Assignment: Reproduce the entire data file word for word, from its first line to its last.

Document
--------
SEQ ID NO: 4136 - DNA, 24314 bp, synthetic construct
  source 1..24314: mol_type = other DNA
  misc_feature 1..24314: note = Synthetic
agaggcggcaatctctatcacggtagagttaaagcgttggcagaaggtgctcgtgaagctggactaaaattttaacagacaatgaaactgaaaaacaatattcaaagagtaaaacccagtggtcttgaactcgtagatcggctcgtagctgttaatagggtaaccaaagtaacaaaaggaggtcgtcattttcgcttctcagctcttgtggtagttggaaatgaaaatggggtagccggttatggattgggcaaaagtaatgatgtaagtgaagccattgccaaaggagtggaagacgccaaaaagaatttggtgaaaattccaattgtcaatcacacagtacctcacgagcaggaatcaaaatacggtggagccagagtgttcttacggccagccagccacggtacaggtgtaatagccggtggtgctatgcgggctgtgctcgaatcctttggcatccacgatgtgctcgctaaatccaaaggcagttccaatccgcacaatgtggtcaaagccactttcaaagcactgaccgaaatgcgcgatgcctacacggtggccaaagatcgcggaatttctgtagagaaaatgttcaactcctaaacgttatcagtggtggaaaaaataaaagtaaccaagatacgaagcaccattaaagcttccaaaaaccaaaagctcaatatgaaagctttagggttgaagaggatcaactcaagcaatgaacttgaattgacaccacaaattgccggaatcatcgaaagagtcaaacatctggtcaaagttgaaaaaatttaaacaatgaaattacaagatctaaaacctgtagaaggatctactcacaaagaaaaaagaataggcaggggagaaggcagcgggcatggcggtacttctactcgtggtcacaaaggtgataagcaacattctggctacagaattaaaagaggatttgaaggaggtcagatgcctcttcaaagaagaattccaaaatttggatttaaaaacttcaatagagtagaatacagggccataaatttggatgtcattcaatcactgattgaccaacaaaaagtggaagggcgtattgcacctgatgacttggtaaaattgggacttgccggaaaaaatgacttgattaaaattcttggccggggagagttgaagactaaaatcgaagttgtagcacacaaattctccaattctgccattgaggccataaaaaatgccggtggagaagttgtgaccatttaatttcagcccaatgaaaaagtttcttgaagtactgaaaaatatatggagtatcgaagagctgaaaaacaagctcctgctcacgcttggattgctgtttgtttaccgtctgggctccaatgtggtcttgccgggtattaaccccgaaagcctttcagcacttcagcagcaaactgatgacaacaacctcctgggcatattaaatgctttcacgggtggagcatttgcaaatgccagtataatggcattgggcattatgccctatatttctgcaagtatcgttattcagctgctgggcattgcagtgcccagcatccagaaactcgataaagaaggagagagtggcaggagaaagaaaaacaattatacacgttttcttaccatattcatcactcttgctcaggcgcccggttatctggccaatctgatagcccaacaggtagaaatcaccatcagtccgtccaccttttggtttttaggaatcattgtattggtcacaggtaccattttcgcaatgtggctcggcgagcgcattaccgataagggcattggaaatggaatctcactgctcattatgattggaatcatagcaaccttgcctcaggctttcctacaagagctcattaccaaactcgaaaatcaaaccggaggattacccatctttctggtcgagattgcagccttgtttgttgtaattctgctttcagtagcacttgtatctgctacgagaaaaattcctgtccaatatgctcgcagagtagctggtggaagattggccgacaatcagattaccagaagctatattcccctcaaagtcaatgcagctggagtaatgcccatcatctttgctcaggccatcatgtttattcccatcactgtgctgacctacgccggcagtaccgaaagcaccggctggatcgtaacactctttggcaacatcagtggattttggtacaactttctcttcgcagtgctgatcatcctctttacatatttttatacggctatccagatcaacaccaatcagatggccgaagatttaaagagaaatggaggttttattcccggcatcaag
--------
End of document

SEQ ID NO: 4136 - DNA, 24314 bp, synthetic construct
  source 1..24314: mol_type = other DNA
  misc_feature 1..24314: note = Synthetic
agaggcggcaatctctatcacggtagagttaaagcgttggcagaaggtgctcgtgaagctggactaaaattttaacagacaatgaaactgaaaaacaatattcaaagagtaaaacccagtggtcttgaactcgtagatcggctcgtagctgttaatagggtaaccaaagtaacaaaaggaggtcgtcattttcgcttctcagctcttgtggtagttggaaatgaaaatggggtagccggttatggattgggcaaaagtaatgatgtaagtgaagccattgccaaaggagtggaagacgccaaaaagaatttggtgaaaattccaattgtcaatcacacagtacctcacgagcaggaatcaaaatacggtggagccagagtgttcttacggccagccagccacggtacaggtgtaatagccggtggtgctatgcgggctgtgctcgaatcctttggcatccacgatgtgctcgctaaatccaaaggcagttccaatccgcacaatgtggtcaaagccactttcaaagcactgaccgaaatgcgcgatgcctacacggtggccaaagatcgcggaatttctgtagagaaaatgttcaactcctaaacgttatcagtggtggaaaaaataaaagtaaccaagatacgaagcaccattaaagcttccaaaaaccaaaagctcaatatgaaagctttagggttgaagaggatcaactcaagcaatgaacttgaattgacaccacaaattgccggaatcatcgaaagagtcaaacatctggtcaaagttgaaaaaatttaaacaatgaaattacaagatctaaaacctgtagaaggatctactcacaaagaaaaaagaataggcaggggagaaggcagcgggcatggcggtacttctactcgtggtcacaaaggtgataagcaacattctggctacagaattaaaagaggatttgaaggaggtcagatgcctcttcaaagaagaattccaaaatttggatttaaaaacttcaatagagtagaatacagggccataaatttggatgtcattcaatcactgattgaccaacaaaaagtggaagggcgtattgcacctgatgacttggtaaaattgggacttgccggaaaaaatgacttgattaaaattcttggccggggagagttgaagactaaaatcgaagttgtagcacacaaattctccaattctgccattgaggccataaaaaatgccggtggagaagttgtgaccatttaatttcagcccaatgaaaaagtttcttgaagtactgaaaaatatatggagtatcgaagagctgaaaaacaagctcctgctcacgcttggattgctgtttgtttaccgtctgggctccaatgtggtcttgccgggtattaaccccgaaagcctttcagcacttcagcagcaaactgatgacaacaacctcctgggcatattaaatgctttcacgggtggagcatttgcaaatgccagtataatggcattgggcattatgccctatatttctgcaagtatcgttattcagctgctgggcattgcagtgcccagcatccagaaactcgataaagaaggagagagtggcaggagaaagaaaaacaattatacacgttttcttaccatattcatcactcttgctcaggcgcccggttatctggccaatctgatagcccaacaggtagaaatcaccatcagtccgtccaccttttggtttttaggaatcattgtattggtcacaggtaccattttcgcaatgtggctcggcgagcgcattaccgataagggcattggaaatggaatctcactgctcattatgattggaatcatagcaaccttgcctcaggctttcctacaagagctcattaccaaactcgaaaatcaaaccggaggattacccatctttctggtcgagattgcagccttgtttgttgtaattctgctttcagtagcacttgtatctgctacgagaaaaattcctgtccaatatgctcgcagagtagctggtggaagattggccgacaatcagattaccagaagctatattcccctcaaagtcaatgcagctggagtaatgcccatcatctttgctcaggccatcatgtttattcccatcactgtgctgacctacgccggcagtaccgaaagcaccggctggatcgtaacactctttggcaacatcagtggattttggtacaactttctcttcgcagtgctgatcatcctctttacatatttttatacggctatccagatcaacaccaatcagatggccgaagatttaaagagaaatggaggttttattcccggcatcaag